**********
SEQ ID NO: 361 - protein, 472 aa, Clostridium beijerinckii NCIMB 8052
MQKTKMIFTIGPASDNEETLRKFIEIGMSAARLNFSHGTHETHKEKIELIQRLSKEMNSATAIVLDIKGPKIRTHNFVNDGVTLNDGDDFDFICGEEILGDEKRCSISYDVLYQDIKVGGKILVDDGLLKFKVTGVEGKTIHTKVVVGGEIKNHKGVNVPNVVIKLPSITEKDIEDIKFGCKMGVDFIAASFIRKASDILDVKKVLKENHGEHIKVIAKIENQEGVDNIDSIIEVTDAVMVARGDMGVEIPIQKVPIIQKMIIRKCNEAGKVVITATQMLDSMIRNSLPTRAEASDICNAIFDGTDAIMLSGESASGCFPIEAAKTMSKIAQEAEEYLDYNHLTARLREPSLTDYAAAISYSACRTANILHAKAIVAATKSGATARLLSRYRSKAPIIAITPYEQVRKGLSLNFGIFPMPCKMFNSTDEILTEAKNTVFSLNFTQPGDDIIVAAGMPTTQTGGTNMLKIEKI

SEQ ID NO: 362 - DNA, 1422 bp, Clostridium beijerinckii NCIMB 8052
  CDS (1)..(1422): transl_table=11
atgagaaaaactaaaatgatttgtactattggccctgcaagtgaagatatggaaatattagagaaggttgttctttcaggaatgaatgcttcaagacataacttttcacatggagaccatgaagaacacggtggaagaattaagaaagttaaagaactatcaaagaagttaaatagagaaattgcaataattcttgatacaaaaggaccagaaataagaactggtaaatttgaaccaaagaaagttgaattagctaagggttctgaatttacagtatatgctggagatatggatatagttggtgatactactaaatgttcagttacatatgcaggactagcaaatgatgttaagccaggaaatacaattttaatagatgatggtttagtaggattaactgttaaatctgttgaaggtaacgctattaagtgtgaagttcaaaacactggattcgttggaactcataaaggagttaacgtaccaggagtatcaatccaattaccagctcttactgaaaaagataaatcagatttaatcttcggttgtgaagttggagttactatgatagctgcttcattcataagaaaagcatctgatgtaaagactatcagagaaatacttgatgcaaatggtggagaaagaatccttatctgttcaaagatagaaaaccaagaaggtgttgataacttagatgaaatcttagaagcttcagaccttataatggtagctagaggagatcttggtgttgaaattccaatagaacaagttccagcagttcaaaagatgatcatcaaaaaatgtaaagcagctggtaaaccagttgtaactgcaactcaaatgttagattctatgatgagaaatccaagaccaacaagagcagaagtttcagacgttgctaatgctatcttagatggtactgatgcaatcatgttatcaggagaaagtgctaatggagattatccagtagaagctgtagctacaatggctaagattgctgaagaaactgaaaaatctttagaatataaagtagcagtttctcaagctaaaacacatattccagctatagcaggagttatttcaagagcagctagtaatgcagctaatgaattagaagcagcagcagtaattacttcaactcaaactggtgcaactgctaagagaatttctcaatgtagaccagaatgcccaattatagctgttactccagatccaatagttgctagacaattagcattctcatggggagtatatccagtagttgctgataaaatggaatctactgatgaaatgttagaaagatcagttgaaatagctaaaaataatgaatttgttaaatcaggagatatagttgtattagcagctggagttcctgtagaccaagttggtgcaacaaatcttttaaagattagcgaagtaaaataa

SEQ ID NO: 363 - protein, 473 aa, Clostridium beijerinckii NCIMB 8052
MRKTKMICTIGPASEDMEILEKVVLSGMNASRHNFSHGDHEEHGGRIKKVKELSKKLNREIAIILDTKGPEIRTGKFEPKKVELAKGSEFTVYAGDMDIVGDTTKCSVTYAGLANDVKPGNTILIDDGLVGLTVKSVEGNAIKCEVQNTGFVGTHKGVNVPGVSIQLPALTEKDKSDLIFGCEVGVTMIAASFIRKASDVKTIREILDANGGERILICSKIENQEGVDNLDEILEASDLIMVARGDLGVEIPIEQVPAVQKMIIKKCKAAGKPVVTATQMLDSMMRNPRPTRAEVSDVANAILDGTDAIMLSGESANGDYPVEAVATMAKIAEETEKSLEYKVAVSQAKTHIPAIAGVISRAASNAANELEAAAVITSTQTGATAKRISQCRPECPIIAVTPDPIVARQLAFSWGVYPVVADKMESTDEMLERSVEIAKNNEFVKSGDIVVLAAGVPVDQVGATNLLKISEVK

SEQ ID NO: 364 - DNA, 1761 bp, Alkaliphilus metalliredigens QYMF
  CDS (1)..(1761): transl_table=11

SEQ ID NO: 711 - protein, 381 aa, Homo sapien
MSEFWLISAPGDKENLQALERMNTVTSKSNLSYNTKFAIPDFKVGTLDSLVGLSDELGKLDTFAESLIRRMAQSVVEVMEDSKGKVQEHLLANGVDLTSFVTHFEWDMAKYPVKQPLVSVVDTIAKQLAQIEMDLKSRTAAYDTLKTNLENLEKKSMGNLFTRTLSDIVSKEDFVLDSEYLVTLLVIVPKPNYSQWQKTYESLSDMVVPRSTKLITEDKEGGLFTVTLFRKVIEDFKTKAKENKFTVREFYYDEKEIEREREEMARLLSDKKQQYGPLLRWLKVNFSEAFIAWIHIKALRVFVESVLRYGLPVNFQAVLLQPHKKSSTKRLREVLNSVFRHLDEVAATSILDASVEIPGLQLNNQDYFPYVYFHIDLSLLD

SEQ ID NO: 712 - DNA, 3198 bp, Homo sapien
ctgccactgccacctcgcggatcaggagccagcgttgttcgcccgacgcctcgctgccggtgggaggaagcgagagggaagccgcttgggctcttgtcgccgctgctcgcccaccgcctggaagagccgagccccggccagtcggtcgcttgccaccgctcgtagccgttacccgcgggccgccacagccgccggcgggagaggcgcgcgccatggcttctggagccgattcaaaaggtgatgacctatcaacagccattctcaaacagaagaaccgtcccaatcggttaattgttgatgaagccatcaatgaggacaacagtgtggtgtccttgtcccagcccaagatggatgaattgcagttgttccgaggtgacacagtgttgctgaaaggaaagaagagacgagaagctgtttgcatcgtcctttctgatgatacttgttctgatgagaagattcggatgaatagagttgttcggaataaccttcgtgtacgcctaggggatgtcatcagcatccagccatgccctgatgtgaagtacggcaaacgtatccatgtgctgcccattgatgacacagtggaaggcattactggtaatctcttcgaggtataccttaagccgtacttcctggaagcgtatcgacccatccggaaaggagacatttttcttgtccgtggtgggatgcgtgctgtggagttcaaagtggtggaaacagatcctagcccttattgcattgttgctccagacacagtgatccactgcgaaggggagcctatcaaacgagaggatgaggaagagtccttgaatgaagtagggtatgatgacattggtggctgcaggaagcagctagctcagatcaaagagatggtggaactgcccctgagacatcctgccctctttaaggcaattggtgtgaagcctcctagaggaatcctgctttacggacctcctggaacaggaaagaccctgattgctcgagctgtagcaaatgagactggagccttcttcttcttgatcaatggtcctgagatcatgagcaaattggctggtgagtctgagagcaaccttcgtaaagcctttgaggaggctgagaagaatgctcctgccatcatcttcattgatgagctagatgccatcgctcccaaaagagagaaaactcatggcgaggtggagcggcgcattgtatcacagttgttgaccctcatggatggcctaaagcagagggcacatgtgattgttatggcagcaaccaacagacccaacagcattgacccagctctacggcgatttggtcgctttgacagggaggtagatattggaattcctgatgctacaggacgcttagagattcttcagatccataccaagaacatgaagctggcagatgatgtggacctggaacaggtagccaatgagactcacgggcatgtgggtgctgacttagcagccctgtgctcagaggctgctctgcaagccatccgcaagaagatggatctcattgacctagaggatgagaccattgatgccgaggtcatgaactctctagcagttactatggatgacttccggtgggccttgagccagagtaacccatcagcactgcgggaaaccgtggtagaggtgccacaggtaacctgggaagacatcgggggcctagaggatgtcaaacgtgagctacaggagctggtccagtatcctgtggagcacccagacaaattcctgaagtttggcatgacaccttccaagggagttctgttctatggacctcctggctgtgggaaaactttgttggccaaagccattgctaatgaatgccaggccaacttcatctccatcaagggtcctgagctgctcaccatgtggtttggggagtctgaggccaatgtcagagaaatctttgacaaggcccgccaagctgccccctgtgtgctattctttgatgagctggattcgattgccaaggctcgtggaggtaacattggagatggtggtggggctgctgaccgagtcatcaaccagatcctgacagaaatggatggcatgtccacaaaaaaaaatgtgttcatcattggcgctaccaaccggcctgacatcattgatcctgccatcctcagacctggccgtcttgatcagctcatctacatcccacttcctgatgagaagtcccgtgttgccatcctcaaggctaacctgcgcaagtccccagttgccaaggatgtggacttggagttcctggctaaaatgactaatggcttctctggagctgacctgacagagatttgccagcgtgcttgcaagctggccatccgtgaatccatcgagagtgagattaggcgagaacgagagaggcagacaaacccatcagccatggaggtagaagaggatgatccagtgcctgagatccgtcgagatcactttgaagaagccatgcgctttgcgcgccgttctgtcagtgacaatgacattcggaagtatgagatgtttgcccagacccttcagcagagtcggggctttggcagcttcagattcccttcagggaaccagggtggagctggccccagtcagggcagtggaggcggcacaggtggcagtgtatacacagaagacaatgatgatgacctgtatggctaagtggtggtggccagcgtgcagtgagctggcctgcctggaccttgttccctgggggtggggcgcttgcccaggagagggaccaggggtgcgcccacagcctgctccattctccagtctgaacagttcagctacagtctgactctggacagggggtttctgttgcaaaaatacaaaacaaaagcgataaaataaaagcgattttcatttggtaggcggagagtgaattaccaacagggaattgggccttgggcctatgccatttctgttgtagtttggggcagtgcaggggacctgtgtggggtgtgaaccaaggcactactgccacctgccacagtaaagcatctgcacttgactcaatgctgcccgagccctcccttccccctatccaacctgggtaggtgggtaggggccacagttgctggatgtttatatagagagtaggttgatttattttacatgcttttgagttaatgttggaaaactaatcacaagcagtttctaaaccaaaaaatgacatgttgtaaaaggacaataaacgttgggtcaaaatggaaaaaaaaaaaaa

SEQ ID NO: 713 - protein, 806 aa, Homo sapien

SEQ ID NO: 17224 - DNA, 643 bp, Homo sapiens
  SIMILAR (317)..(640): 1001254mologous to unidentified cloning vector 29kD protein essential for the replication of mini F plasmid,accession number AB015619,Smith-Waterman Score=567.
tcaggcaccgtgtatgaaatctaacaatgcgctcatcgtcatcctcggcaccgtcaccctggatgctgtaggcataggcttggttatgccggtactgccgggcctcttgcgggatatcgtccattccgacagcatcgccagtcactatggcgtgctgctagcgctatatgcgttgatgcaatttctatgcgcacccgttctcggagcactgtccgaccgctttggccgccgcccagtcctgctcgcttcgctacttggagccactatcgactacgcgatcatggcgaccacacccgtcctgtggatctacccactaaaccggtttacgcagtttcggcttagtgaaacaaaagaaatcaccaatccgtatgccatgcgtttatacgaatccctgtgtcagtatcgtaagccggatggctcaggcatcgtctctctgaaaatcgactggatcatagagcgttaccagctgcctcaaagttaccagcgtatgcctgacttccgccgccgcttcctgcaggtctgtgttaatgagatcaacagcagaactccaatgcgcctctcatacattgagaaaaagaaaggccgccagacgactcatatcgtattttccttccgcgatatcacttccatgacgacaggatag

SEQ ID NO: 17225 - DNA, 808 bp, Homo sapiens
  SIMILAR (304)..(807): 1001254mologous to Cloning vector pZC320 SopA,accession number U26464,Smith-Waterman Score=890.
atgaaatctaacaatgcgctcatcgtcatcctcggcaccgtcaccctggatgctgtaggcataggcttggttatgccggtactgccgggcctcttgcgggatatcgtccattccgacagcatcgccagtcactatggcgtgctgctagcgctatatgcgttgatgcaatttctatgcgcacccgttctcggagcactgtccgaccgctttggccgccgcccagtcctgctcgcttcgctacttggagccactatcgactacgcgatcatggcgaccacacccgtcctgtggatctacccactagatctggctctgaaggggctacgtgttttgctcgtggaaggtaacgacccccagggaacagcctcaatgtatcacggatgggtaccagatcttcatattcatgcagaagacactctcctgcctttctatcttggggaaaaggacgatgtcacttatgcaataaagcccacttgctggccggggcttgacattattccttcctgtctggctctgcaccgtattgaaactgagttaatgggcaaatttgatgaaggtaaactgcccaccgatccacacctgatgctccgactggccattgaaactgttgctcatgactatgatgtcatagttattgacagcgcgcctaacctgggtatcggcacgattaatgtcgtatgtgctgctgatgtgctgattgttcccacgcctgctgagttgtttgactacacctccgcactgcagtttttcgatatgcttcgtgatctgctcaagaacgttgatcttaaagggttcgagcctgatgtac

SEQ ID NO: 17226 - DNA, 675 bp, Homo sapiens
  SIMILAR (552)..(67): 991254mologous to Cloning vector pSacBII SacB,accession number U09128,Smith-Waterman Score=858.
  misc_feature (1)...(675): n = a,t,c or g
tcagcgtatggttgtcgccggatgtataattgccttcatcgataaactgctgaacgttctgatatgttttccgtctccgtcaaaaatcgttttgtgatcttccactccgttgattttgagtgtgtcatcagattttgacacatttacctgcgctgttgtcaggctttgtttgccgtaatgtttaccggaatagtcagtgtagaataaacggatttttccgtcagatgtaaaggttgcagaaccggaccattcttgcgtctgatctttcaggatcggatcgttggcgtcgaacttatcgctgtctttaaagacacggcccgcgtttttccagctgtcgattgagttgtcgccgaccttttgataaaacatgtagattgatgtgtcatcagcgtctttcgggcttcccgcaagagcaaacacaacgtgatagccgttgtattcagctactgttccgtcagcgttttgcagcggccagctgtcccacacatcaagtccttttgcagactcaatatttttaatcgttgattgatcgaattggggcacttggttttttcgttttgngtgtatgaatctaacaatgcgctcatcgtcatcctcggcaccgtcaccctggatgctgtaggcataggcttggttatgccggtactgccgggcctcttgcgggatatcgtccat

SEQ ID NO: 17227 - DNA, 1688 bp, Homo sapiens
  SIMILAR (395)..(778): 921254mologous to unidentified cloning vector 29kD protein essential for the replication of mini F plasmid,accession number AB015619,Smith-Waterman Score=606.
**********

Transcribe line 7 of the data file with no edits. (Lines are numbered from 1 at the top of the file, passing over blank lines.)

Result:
MRKTKMICTIGPASEDMEILEKVVLSGMNASRHNFSHGDHEEHGGRIKKVKELSKKLNREIAIILDTKGPEIRTGKFEPKKVELAKGSEFTVYAGDMDIVGDTTKCSVTYAGLANDVKPGNTILIDDGLVGLTVKSVEGNAIKCEVQNTGFVGTHKGVNVPGVSIQLPALTEKDKSDLIFGCEVGVTMIAASFIRKASDVKTIREILDANGGERILICSKIENQEGVDNLDEILEASDLIMVARGDLGVEIPIEQVPAVQKMIIKKCKAAGKPVVTATQMLDSMMRNPRPTRAEVSDVANAILDGTDAIMLSGESANGDYPVEAVATMAKIAEETEKSLEYKVAVSQAKTHIPAIAGVISRAASNAANELEAAAVITSTQTGATAKRISQCRPECPIIAVTPDPIVARQLAFSWGVYPVVADKMESTDEMLERSVEIAKNNEFVKSGDIVVLAAGVPVDQVGATNLLKISEVK